Four Manager Problems that aren’t their Fault and How to Solve Them

Four Manager Problems That Aren't Their Fault Managers are often blamed for things that aren’t their fault. In fact, over 50 percent of middle managers are perceived as not being able to drive business success by their superiors. But, when we take a closer look, it’s obvious that many of the managers’ shortcomings aren’t their fault and can be improved with better resources and training.

Here are four deficiencies managers are often blamed for:

1.   Lack of Coaching Skills

Teachers get their teaching credentials, doctors go to Medical School, and mechanics complete an apprenticeship. It takes a lot of training to learn how to do a job, and managers need training too. People management is not an innate skill, so, when promoting from within, ensure the new manager has previous managerial experience or has access to management training and resources.

2.   Invisible Employees

Managers are often expected to know their team members’ status at all times. However, a manager can’t be everywhere at once, and it’s impossible for them to see every accomplishment or failure. If you want your managers to have a pulse on their team, provide them with access to technology that will give them visibility.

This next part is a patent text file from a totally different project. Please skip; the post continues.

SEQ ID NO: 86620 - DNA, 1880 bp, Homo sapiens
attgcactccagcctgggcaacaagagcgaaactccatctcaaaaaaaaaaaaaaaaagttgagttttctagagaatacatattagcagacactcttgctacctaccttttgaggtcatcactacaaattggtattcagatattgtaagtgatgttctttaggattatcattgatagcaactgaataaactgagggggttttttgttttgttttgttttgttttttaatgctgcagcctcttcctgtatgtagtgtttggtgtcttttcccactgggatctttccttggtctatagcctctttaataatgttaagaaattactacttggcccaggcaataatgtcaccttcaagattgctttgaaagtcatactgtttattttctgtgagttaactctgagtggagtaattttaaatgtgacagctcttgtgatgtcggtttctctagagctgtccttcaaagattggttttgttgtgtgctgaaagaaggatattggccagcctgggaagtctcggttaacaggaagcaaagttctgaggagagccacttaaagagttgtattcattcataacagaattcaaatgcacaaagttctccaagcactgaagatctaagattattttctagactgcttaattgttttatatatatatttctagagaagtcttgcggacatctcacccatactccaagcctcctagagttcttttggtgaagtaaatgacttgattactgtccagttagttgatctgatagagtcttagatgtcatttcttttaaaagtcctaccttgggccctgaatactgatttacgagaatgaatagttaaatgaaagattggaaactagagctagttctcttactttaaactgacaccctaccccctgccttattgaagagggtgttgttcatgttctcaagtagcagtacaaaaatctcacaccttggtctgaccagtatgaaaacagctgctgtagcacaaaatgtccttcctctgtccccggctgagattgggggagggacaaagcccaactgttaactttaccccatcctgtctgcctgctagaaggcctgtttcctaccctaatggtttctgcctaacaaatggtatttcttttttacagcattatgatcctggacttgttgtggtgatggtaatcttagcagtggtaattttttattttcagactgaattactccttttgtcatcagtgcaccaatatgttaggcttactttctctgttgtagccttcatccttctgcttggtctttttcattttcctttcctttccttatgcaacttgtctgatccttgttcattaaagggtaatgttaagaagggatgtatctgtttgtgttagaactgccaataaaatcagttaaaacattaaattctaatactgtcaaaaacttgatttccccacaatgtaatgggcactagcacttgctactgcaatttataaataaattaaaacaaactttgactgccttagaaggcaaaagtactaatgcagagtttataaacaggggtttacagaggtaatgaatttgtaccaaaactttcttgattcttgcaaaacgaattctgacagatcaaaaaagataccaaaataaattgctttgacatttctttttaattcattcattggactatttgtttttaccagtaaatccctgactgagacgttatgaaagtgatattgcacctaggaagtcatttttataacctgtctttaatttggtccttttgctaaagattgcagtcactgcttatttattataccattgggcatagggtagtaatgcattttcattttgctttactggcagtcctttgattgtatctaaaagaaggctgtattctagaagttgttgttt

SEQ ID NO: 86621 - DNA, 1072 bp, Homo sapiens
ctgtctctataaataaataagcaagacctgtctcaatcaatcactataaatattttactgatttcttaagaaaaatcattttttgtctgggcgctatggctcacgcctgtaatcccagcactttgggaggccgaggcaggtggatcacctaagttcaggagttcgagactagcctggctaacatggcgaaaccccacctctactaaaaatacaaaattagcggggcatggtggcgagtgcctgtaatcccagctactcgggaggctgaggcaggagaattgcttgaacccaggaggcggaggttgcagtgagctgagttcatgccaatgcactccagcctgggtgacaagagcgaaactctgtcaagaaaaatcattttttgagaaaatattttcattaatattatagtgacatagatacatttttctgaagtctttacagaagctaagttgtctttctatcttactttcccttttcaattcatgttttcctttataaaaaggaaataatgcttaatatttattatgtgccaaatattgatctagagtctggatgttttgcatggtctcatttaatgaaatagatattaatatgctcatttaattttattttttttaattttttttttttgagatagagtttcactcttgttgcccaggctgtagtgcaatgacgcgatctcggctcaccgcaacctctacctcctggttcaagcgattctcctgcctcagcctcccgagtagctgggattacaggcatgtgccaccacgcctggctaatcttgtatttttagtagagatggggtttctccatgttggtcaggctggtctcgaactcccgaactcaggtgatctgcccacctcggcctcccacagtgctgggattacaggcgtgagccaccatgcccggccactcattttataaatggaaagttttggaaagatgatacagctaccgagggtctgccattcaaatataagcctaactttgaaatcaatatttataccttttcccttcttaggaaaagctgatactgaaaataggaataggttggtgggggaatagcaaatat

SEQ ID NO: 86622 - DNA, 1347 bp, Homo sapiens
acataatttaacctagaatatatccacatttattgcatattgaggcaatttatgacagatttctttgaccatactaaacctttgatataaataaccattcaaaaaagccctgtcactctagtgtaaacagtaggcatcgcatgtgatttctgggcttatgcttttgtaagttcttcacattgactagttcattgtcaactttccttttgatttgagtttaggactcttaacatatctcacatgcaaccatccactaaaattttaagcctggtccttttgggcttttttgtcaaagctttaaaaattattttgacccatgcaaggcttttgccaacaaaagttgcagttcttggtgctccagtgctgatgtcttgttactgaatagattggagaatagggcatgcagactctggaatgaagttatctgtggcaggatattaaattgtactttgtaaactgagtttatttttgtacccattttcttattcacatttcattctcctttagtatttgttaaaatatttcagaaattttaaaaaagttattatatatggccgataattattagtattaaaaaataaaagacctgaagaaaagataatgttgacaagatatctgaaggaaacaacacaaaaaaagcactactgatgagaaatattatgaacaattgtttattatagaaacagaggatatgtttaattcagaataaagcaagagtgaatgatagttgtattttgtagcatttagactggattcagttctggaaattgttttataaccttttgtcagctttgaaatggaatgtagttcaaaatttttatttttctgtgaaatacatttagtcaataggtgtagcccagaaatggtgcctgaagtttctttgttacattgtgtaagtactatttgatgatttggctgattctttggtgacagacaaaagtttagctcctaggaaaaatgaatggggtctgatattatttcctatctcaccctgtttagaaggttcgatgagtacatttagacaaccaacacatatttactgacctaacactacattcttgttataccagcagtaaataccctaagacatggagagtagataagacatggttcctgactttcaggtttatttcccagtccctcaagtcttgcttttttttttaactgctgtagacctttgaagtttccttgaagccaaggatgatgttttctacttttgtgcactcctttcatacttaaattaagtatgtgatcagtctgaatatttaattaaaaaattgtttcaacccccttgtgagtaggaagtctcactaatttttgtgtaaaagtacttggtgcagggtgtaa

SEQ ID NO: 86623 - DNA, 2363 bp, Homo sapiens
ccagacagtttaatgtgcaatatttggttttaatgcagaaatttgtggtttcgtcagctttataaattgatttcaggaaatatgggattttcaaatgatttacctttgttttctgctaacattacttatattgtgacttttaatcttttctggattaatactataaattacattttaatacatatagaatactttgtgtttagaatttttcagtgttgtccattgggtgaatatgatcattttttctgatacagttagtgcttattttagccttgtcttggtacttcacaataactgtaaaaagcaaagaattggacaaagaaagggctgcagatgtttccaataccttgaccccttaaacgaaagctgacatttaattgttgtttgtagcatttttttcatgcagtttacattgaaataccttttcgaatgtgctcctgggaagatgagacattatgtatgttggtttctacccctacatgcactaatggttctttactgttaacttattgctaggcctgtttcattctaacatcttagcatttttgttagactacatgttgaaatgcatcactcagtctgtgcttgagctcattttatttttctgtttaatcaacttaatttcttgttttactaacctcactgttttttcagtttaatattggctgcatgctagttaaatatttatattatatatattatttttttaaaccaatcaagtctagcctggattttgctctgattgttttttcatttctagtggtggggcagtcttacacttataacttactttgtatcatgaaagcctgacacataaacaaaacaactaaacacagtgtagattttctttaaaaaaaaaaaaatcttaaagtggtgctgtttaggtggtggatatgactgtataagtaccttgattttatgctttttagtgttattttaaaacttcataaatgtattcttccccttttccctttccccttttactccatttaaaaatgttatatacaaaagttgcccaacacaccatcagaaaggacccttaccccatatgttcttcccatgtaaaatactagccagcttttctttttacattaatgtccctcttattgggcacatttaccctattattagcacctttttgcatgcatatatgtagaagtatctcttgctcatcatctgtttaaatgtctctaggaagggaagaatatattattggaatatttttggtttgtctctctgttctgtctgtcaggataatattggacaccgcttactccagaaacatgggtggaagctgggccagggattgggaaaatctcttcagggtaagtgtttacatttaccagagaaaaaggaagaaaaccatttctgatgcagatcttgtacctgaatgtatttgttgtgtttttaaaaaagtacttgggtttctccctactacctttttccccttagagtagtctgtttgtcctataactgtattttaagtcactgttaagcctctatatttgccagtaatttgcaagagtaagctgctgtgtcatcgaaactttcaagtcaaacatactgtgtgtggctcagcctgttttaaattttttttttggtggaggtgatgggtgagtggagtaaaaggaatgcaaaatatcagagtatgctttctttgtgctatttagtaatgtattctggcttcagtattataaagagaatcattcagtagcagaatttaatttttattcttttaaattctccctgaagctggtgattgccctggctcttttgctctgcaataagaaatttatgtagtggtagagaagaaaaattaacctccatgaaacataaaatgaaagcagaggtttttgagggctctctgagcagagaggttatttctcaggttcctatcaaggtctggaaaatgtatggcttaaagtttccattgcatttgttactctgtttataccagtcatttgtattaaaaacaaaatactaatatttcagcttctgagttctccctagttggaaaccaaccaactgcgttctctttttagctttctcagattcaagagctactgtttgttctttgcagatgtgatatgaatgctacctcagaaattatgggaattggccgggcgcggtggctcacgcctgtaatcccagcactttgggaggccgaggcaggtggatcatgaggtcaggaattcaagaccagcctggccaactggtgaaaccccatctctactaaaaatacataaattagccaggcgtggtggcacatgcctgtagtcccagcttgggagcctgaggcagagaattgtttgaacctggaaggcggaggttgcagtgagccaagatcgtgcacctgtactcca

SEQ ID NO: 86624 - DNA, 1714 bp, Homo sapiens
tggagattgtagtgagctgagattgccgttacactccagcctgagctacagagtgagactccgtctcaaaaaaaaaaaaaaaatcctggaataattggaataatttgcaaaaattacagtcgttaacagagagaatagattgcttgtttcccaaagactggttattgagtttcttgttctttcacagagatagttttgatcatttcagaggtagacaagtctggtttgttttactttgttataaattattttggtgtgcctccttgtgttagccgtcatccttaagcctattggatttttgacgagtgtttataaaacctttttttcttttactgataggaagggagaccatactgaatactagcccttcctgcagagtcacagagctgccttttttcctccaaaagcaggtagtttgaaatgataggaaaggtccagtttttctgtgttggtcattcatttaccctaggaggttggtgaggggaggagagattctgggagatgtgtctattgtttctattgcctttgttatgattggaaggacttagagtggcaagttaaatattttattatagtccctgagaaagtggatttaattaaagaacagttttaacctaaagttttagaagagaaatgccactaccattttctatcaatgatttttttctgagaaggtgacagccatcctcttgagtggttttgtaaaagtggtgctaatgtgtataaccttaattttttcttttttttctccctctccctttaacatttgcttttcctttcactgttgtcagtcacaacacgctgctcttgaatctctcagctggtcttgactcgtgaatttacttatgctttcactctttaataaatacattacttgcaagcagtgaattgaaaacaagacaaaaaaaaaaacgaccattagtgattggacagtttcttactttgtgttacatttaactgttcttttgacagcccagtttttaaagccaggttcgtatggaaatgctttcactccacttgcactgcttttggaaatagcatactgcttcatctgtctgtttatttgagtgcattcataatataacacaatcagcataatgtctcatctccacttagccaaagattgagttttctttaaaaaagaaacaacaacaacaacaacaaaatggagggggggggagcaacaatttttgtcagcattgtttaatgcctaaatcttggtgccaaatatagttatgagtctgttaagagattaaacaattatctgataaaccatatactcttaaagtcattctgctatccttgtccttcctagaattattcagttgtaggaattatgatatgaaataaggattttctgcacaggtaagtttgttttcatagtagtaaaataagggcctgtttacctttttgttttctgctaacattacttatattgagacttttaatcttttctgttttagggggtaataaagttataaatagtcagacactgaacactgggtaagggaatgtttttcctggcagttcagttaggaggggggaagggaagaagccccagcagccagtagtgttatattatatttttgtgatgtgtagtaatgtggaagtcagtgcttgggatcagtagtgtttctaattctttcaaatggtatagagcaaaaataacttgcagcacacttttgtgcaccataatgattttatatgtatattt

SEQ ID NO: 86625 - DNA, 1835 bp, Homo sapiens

3.   Inadequate Performance Reviews

Employees find performance reviews difficult, and so do managers. Performance appraisals are time-consuming and usually too infrequent to be of value. Managers are asked to remember important details about their employees’ work from a year back, which is far too removed to be accurate, helpful, or fair. Encourage managers to schedule more frequent reviews or one-on-one meetings. Regular feedback will help managers recognize individuals and coach employees when it’s most relevant.

4.   Accountability

Is it a coincidence that you managed to finish all of your school assignments the day before they were due? No, you knew you needed to get them done by the deadline, so you finished them. Without the deadline, however, that half- written paper on Crusader History would likely still be sitting on your desk today. Without knowing or being held responsible for objectives, managers have no reason to strive to achieve goals. Make your managers accountable to their bosses, and reward them when they meet their targets.

Good managers can do so much for your business, so leadership must be able to recognize when managers need tools and training. Find out how to transform your management team into your secret weapon by downloading our e-book.

Is there anything else you think managers are blamed for that isn’t their fault? Let us know by leaving a comment below.

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